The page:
[0017] The product geometry display may be changed while the display of the product attribute description is maintained. A second product attribute description may be displayed adjacent the product geometry display.

[0018] One of the product attribute descriptions may be removed from adjacent the product geometry display. A lead line may be displayed between the product attribute description and the portion of the product. Basing the display of the product attribute description on the product attribute display instance may include displaying a symbol. The status of the portion of the product may also be displayed.

[0019] The definition of the non-geometric attribute may include a data class of the product attribute description of the non-geometric attribute. The definition of the non-geometric attribute may also include a design rule that determines the product attribute description of the non-geometric attribute. The product attribute description may be in a predetermined data class.

[0020] The details of one or more implementations are set forth in the accompanying drawings and description. Other features and advantages will be apparent from the description and drawings, and from the claims.

DESCRIPTION OF DRAWINGS

[0021] FIG. 1 is a block diagram of a programmable system for describing and accessing an electronically-accessible product description.

[0022] FIG. 2 is a flow chart of a process flow for describing and accessing a product in an electronically-accessible format.

[0023] FIG. 3 is a flow chart of a process flow for describing a product.

[0024] FIG. 4 is a data structure of a product definition describing a product, including the attributes described during the process flow of FIG. 3.

[0025] FIG. 5 is a flow chart of a process flow for creating product definitions.

[0026] FIG. 6 is a screen capture of a product definition editor before the creation of product definitions.

[0027] FIG. 7 is a screen capture of a navigation tree of existing product definitions.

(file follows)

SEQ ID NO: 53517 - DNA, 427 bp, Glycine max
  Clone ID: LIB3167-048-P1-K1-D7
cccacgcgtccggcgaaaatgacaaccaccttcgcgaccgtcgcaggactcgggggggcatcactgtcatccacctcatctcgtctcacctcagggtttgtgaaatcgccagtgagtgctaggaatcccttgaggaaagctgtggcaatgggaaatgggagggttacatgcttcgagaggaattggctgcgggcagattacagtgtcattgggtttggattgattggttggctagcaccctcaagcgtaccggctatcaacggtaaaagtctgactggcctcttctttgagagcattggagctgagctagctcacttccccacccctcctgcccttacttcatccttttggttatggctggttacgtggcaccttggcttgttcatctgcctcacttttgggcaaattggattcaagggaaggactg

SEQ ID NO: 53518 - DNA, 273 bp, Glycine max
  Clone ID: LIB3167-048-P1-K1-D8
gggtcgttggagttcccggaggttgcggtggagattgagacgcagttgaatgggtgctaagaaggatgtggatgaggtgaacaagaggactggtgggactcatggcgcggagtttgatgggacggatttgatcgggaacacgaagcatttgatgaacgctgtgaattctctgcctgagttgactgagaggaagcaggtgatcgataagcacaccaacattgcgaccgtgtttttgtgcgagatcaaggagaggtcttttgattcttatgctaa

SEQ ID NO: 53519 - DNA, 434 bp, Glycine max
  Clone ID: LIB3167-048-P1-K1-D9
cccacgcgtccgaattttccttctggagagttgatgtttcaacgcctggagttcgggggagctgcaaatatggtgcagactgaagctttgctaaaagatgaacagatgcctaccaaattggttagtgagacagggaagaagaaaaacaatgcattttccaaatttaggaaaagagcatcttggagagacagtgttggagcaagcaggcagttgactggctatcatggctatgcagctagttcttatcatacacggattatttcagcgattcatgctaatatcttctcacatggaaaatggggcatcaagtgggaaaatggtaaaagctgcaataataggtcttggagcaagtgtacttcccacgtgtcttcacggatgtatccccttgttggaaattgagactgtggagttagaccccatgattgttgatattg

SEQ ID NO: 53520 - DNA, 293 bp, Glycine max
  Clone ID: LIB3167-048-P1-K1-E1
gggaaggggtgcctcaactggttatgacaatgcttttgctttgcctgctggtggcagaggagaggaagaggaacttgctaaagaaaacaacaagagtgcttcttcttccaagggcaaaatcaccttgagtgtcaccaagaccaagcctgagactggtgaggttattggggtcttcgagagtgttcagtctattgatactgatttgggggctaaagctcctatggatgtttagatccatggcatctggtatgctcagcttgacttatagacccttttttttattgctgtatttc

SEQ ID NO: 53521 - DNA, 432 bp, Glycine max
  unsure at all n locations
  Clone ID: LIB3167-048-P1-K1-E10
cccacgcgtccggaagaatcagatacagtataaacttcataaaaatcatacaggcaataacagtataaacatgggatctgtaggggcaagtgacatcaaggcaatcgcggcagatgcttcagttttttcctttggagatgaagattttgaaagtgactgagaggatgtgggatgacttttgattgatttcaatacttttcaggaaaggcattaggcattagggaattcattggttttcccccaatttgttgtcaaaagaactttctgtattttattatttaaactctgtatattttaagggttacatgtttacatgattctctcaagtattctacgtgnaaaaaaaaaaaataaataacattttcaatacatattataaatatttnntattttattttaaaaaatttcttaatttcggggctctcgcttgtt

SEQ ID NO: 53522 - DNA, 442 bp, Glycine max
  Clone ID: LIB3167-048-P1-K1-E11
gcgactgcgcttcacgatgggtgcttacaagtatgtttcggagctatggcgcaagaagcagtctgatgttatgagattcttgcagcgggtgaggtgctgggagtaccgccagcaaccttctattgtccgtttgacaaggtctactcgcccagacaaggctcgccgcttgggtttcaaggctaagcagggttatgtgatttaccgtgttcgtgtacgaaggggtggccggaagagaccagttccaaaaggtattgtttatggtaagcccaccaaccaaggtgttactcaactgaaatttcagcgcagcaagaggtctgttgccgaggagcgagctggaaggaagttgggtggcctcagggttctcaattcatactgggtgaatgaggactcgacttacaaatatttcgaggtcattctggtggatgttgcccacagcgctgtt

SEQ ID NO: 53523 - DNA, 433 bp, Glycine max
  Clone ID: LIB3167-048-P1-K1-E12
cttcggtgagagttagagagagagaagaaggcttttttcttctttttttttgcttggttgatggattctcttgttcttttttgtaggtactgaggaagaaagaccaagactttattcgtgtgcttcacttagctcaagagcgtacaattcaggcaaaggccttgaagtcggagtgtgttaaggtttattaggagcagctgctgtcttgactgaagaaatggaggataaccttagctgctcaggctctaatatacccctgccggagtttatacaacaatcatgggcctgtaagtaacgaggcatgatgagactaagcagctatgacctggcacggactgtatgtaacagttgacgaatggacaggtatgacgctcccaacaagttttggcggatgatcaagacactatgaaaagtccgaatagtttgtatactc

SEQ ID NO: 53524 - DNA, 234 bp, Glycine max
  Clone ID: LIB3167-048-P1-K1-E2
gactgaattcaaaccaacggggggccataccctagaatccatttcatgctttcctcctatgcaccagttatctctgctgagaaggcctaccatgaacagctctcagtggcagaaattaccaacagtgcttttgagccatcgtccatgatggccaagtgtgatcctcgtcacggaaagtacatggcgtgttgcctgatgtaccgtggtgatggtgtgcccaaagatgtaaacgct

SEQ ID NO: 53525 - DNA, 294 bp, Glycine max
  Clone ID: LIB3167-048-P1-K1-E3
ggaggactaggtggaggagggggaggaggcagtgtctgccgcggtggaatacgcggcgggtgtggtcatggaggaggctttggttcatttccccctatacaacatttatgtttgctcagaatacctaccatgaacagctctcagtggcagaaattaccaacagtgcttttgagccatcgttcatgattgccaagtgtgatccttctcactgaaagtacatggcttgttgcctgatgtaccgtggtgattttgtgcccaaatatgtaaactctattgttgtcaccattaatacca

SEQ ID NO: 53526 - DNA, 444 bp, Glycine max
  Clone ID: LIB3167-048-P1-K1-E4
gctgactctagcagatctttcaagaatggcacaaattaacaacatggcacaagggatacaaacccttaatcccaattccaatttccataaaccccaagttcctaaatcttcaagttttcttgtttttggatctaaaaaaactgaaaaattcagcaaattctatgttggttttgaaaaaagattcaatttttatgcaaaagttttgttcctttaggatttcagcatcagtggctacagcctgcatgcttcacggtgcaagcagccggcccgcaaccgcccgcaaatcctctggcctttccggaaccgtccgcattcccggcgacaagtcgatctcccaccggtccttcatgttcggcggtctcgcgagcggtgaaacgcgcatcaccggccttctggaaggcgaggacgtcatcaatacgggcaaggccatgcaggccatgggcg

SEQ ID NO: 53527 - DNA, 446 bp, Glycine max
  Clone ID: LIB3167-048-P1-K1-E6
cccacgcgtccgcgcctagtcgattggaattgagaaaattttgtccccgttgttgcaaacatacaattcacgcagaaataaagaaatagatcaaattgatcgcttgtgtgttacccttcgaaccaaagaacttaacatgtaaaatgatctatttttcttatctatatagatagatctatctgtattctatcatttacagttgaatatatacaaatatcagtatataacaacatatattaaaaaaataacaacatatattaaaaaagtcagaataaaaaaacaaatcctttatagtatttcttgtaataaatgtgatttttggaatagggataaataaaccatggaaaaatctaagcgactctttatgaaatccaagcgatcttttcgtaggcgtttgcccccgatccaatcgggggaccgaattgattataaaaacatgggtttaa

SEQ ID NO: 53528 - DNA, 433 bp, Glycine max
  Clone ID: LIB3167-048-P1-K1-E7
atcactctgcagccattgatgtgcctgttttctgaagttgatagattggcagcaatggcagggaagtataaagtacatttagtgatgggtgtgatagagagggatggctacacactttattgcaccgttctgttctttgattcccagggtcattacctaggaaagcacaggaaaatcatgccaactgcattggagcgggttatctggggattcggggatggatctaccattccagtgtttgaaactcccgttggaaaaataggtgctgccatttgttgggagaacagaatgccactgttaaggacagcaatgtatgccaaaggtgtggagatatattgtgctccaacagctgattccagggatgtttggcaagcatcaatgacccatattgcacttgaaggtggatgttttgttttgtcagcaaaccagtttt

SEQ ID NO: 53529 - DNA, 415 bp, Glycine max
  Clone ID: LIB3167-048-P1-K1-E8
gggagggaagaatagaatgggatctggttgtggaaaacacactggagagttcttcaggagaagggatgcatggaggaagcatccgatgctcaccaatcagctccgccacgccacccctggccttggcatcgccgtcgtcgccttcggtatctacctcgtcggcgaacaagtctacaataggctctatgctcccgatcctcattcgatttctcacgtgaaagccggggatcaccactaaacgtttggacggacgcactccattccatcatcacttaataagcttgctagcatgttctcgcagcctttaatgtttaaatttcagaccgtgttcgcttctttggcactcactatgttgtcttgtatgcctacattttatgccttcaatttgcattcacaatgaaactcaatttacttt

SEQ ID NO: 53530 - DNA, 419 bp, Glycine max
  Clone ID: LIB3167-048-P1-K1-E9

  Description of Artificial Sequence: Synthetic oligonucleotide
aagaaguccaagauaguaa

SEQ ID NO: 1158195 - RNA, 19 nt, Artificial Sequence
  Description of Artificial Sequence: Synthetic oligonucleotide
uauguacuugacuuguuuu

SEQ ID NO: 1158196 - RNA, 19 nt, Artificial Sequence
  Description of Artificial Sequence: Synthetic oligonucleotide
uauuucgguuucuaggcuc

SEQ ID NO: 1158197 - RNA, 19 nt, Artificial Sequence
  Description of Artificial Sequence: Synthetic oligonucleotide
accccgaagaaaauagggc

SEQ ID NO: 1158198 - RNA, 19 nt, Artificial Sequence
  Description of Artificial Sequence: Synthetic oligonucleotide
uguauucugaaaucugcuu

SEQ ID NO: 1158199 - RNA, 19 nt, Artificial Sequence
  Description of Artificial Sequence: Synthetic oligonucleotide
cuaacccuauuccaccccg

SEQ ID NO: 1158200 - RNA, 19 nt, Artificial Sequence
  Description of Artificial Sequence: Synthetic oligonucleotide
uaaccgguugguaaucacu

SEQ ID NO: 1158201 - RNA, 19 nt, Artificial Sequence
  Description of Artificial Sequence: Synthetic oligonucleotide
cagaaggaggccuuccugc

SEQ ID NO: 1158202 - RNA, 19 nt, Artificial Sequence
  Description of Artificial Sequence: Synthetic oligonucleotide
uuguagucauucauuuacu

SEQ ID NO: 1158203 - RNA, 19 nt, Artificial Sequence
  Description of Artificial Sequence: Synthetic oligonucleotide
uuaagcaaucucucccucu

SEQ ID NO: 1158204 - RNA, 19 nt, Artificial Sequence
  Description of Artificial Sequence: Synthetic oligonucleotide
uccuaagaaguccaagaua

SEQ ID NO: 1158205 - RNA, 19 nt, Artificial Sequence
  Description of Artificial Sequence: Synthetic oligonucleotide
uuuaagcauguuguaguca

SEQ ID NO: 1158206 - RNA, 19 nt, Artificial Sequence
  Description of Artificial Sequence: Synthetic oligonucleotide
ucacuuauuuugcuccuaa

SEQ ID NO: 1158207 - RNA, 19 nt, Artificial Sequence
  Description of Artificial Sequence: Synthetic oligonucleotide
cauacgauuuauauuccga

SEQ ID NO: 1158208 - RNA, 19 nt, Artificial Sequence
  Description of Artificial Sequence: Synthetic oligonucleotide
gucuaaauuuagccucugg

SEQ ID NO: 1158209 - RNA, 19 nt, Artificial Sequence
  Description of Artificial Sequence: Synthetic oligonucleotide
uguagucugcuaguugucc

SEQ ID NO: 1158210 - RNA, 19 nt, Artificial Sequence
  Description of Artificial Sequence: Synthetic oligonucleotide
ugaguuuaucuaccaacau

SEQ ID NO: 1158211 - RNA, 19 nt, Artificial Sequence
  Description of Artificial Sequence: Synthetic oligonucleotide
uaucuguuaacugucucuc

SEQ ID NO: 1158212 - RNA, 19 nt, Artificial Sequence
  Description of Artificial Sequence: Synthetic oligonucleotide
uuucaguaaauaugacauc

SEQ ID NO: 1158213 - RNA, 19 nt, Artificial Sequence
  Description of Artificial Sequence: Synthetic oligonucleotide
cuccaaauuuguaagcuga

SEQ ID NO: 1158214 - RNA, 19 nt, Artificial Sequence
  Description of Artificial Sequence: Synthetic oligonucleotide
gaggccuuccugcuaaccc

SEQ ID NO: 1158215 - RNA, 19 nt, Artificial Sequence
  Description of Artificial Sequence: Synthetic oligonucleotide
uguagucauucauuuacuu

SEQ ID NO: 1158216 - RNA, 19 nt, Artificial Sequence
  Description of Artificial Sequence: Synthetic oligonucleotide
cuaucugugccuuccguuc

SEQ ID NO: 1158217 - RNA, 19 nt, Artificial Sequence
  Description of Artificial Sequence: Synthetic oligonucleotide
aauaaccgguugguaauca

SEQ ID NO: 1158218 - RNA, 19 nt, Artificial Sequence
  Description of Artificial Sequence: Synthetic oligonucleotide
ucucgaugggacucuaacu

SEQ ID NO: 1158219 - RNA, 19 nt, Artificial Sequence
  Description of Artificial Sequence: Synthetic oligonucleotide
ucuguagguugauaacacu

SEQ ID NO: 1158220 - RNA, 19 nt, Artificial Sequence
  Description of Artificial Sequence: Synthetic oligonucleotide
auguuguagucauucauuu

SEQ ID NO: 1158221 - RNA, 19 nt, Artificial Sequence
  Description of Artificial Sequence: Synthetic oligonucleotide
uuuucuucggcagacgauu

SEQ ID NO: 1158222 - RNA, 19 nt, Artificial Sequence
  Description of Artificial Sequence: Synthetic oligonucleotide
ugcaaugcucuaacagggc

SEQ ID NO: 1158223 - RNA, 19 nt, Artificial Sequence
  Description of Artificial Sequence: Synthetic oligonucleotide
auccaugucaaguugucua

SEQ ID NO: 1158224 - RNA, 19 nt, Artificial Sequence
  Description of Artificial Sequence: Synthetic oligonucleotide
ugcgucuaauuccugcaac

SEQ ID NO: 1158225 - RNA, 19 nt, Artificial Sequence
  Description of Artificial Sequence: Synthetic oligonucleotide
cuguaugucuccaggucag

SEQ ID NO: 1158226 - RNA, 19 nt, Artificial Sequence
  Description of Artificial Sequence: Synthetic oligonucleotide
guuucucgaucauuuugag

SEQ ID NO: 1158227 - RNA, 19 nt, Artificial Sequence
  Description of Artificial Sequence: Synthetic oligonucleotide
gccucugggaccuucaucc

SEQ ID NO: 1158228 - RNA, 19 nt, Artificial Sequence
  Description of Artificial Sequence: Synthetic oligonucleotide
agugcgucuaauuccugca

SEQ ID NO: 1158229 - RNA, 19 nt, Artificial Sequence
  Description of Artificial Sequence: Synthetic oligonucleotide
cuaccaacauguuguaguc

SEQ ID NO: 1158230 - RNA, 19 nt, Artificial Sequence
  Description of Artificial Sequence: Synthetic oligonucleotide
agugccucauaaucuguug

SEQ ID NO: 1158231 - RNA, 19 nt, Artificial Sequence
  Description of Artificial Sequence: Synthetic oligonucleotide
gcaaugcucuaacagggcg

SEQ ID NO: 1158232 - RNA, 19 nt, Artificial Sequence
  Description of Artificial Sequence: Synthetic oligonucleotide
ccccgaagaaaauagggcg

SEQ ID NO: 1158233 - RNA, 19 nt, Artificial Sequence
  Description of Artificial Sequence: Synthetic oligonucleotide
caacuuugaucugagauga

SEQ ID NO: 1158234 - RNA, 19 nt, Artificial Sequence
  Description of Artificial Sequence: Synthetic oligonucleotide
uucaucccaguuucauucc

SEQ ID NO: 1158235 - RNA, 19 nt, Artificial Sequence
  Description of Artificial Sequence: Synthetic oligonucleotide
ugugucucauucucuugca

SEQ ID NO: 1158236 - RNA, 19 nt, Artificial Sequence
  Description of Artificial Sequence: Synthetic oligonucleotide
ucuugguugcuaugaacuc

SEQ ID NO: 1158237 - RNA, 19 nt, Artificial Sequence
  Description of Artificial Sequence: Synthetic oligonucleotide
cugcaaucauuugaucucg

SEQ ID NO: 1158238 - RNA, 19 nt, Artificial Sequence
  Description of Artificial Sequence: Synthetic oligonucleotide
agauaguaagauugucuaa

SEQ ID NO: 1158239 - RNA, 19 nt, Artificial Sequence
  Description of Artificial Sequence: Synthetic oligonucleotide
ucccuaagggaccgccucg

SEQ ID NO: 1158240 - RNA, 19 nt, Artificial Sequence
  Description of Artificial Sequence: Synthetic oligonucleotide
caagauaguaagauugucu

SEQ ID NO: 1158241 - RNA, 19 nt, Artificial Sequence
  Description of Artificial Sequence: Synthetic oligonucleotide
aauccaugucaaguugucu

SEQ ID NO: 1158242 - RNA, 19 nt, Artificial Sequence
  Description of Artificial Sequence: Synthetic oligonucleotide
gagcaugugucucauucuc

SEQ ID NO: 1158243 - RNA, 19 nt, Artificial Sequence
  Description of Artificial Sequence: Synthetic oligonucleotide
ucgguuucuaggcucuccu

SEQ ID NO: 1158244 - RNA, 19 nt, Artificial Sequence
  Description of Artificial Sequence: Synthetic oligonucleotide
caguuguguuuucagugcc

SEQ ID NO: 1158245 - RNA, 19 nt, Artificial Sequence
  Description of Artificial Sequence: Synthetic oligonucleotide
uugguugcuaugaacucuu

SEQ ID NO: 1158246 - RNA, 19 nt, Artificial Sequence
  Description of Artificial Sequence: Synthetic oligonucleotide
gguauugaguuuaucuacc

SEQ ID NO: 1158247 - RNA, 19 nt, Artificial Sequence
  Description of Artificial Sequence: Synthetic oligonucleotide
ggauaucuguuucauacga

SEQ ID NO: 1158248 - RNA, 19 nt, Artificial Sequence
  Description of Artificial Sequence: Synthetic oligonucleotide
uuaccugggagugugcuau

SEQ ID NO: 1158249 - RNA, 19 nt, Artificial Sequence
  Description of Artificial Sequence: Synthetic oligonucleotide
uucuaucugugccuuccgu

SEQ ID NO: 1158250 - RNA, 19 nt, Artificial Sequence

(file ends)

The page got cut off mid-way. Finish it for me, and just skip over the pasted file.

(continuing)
[0028] FIG. 8 is a flow chart of a process flow for displaying and editing a representation of a product.

[0029] FIG. 9 is a representation of a product.

[0030] FIG. 10 is another representation of the product of FIG. 9.

[0031] Like reference symbols in the various drawings indicate like elements.

DETAILED DESCRIPTION

[0032] Referring to FIG. 1, a programmable system 100 for describing and accessing an electronically-accessible product description includes a variety of input/output (I/O) devices (e.g., mouse 103, keyboard 105, and display 107) and a computer 110 having a central processor unit (CPU) 120, an I/O unit 130, a memory 140, and a data storage device 150. Data storage device 150 may store machine-executable instructions, data, and various programs such as an operating system 152 and one or more description programs 154 for describing and accessing an electronically-accessible product description, all of which may be processed by CPU 120. Each computer program may be implemented in a high-level procedural or object-oriented programming language, or in assembly or machine language if desired; and in any case, the language may be a compiled or interpreted language. Data storage device 150 may be any form of non-volatile memory, including by way of example semiconductor memory devices, such as Erasable Programmable Read-Only Memory (EPROM), Electrically Erasable Programmable Read-Only Memory (EEPROM), and flash memory devices; magnetic disks such as internal hard disks and removable disks; magneto-optical disks; and Compact Disc Read-Only Memory (CD-ROM).